LeBron James is opening up about a scary period for his family.
Less than three months after his 18-year-old son Bronny James suffered a cardiac arrest during basketball practice at the University of Southern California, the NBA star revealed how the incident impacted him and shifted his mindset as he looks to the future.
"Obviously I'm gonna dedicate this season to Bronny, because of the incident that happened this summer," the Los Angeles Lakers player said during a press conference Oct. 2. "And the understanding that it just puts everything into perspective. No matter what's going on, in your life at that point and time, the only thing that matters is your family."
Of his son—who he shares with wife Savannah James in addition to kids Bryce Maximus, 16, and Zhuri Nova, 8—LeBron continued, "To see what he had to go through, or what he's been through, over the last few months, you know it's been a lot. I can only imagine how it's been for him, because it's been a lot for me, it's been a lot for our family."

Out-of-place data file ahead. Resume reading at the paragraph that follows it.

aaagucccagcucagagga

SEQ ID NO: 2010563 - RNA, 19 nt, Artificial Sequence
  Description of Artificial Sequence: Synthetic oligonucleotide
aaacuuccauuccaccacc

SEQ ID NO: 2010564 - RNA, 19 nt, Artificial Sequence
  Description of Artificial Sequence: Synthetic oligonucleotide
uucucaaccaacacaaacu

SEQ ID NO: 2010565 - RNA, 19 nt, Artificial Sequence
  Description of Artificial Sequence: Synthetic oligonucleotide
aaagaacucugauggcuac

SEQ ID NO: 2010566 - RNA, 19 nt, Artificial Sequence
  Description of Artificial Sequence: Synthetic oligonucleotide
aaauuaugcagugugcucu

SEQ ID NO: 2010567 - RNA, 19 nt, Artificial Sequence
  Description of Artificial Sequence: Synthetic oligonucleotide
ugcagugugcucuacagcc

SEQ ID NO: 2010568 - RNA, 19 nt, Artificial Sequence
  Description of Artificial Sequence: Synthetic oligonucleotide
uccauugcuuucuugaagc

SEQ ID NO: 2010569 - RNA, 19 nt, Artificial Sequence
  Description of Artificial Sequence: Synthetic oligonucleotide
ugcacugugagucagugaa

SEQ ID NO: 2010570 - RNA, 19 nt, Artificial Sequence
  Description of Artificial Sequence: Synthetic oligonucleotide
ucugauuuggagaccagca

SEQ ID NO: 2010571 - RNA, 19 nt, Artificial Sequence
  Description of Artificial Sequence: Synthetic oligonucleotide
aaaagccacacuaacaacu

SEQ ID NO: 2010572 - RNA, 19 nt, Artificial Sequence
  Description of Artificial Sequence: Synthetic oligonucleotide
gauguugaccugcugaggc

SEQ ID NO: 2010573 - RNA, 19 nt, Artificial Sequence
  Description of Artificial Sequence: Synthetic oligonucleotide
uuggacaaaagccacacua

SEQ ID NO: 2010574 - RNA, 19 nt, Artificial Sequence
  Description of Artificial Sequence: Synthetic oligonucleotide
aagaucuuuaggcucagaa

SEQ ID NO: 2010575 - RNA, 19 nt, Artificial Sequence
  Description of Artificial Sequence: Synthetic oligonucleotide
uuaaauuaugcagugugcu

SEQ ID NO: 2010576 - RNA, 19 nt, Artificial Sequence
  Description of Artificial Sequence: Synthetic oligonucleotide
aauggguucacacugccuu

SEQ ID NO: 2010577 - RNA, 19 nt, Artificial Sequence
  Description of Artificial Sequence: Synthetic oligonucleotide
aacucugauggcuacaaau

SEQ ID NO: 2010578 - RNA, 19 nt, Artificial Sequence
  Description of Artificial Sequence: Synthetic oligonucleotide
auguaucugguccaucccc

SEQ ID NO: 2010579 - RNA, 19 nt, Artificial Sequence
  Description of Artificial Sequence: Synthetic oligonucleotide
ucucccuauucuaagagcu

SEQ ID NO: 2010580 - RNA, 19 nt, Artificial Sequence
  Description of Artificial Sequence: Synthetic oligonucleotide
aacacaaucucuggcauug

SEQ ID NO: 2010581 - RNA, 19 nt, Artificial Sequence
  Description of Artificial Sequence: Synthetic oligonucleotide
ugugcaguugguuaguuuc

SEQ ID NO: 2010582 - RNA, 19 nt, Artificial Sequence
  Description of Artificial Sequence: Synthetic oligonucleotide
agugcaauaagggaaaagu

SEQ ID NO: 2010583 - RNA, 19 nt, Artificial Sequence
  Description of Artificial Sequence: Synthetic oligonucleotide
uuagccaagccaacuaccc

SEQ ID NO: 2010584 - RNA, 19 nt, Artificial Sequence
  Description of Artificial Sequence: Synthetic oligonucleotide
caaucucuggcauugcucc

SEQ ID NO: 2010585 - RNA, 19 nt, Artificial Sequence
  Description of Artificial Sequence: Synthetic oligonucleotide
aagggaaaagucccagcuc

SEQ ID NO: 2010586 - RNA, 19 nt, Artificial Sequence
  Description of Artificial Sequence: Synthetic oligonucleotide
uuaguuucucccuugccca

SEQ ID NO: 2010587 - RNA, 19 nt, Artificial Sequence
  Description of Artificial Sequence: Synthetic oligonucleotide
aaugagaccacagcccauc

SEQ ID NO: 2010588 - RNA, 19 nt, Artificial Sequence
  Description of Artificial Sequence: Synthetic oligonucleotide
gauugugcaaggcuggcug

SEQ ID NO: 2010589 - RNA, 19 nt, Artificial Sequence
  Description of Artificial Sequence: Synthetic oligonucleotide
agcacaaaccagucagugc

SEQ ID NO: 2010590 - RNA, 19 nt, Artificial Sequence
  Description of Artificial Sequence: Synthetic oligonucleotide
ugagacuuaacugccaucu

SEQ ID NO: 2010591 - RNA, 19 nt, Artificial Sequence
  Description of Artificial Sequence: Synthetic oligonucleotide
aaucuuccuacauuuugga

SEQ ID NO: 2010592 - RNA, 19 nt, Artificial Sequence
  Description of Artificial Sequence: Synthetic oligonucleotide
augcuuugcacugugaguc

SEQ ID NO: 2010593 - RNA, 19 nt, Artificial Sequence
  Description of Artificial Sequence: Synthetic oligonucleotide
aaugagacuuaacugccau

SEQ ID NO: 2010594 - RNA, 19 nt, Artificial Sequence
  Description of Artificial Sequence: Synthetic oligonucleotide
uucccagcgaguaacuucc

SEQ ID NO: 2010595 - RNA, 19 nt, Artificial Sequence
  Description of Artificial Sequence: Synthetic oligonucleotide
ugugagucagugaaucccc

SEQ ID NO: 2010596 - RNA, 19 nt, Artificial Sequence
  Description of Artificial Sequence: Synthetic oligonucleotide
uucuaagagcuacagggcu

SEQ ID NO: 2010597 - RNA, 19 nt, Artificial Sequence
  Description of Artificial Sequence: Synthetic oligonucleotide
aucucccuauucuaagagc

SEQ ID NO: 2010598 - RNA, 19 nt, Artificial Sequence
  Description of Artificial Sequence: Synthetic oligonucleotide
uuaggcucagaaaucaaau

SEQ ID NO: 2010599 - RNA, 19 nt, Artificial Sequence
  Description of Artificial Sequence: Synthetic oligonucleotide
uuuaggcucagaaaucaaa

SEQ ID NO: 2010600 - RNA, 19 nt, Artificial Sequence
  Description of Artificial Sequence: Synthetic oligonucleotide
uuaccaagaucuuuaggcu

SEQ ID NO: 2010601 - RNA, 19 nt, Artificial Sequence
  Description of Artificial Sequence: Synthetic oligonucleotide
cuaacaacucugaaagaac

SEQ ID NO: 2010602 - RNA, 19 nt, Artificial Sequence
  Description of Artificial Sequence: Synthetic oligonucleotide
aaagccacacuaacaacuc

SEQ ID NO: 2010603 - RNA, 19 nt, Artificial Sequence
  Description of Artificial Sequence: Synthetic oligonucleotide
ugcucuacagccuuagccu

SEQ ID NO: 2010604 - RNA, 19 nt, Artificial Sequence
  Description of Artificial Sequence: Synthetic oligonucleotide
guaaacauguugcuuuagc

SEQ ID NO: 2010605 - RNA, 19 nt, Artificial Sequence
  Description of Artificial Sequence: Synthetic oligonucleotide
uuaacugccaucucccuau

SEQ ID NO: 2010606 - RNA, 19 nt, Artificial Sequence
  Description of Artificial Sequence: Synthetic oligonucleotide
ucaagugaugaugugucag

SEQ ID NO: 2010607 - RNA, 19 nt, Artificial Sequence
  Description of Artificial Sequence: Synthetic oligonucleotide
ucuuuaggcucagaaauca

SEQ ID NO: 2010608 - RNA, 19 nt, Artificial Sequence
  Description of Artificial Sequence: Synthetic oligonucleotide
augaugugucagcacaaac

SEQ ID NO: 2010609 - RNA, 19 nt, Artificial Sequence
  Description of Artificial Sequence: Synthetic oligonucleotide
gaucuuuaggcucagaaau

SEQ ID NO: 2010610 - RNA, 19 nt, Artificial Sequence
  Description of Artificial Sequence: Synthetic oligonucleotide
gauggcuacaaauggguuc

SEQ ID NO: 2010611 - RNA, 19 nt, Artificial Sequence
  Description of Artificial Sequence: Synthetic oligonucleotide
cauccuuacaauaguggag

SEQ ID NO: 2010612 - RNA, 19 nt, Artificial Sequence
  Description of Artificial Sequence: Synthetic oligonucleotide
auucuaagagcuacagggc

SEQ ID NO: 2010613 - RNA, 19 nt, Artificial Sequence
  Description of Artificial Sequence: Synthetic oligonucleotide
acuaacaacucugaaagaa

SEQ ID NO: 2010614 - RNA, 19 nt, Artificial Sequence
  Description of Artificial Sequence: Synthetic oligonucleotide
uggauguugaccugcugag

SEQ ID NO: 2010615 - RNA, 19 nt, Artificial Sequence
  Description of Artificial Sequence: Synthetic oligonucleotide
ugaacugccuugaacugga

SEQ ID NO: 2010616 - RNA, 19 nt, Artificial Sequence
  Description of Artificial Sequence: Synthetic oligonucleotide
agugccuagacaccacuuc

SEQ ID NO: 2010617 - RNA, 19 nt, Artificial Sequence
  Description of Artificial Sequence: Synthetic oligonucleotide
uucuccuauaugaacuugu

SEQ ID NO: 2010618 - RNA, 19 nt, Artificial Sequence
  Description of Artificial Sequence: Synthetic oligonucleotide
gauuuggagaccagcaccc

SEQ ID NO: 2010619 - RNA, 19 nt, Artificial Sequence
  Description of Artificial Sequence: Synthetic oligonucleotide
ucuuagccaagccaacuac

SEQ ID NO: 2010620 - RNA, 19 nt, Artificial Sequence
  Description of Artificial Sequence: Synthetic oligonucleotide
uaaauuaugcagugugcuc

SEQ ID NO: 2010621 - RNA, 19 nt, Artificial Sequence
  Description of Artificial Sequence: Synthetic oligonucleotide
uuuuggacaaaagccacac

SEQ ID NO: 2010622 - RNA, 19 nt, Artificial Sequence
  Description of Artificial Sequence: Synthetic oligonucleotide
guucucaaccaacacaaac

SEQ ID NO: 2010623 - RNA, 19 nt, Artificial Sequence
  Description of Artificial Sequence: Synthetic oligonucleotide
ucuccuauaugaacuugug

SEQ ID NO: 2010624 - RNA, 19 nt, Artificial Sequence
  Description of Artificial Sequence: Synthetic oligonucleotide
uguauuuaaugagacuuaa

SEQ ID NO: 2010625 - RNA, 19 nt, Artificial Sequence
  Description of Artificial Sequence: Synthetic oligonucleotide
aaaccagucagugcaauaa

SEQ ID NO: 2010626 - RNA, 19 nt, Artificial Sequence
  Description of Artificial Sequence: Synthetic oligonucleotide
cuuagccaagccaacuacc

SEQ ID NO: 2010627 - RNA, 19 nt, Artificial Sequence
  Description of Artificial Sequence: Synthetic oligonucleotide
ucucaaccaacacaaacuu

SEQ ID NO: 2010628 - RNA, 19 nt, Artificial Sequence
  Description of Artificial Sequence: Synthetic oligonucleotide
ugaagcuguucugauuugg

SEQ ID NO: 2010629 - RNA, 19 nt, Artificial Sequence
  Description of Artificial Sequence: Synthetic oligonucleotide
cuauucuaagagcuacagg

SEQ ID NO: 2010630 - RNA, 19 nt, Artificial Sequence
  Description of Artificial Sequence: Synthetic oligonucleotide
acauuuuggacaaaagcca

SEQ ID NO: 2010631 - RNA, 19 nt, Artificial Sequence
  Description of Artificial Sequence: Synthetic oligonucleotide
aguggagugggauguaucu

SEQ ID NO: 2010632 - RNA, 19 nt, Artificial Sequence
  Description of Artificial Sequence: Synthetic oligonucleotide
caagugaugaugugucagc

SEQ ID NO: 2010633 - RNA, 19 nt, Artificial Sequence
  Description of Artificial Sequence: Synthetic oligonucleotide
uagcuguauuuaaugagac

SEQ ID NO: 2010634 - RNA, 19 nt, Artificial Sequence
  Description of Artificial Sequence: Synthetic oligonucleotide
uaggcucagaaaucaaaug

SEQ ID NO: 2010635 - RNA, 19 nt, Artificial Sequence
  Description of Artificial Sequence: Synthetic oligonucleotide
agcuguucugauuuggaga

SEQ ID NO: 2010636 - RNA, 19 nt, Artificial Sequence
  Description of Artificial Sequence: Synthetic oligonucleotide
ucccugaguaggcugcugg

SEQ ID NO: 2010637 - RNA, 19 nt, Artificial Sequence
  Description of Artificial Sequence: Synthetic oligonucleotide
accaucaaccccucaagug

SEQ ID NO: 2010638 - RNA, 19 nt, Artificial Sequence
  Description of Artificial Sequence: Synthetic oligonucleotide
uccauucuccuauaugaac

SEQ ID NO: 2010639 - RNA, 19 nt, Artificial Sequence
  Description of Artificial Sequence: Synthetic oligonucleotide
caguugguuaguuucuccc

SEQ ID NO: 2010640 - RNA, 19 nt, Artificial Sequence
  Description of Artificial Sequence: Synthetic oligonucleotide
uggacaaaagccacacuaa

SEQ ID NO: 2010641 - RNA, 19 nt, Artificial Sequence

The 38-year-old also provided an update on how Bronny is doing today.
"If he was to walk through the door right now," LeBron added, "you wouldn't even know he had what he had because of how well he's moving. How vibrant he is. It's just a beautiful thing to be able to have him where he is today."
Bronny spent three days in the hospital after suffering a cardiac arrest on July 25. The following month, the James family released a statement Aug. 25, sharing that a congenital heart defect was the likely cause of the teen's medical emergency.
And though the freshman missed his team's first practice at the end of last month, USC Trojans head coach Andy Enfield was happy to report that the athlete is having an otherwise successful start to his college career.
"He's going to class and doing extremely well in school, and we're really excited for him," he told reporters after the Sept. 25 practice via ESPN. "He's around when he can be. And he's getting caught up [with] some schoolwork and doing very well. His grades are excellent right now, and he's being the true student-athlete."
And as Andy previously noted, Bronny has a whole team and community behind him.
"I think everybody is hopeful that Bronny will return to the court," the coach previously told ESPN in August. "We just have to be patient and take it step by step. Our goal is to support Bronny in any way we can academically, athletically, and be patient with how things develop in his return."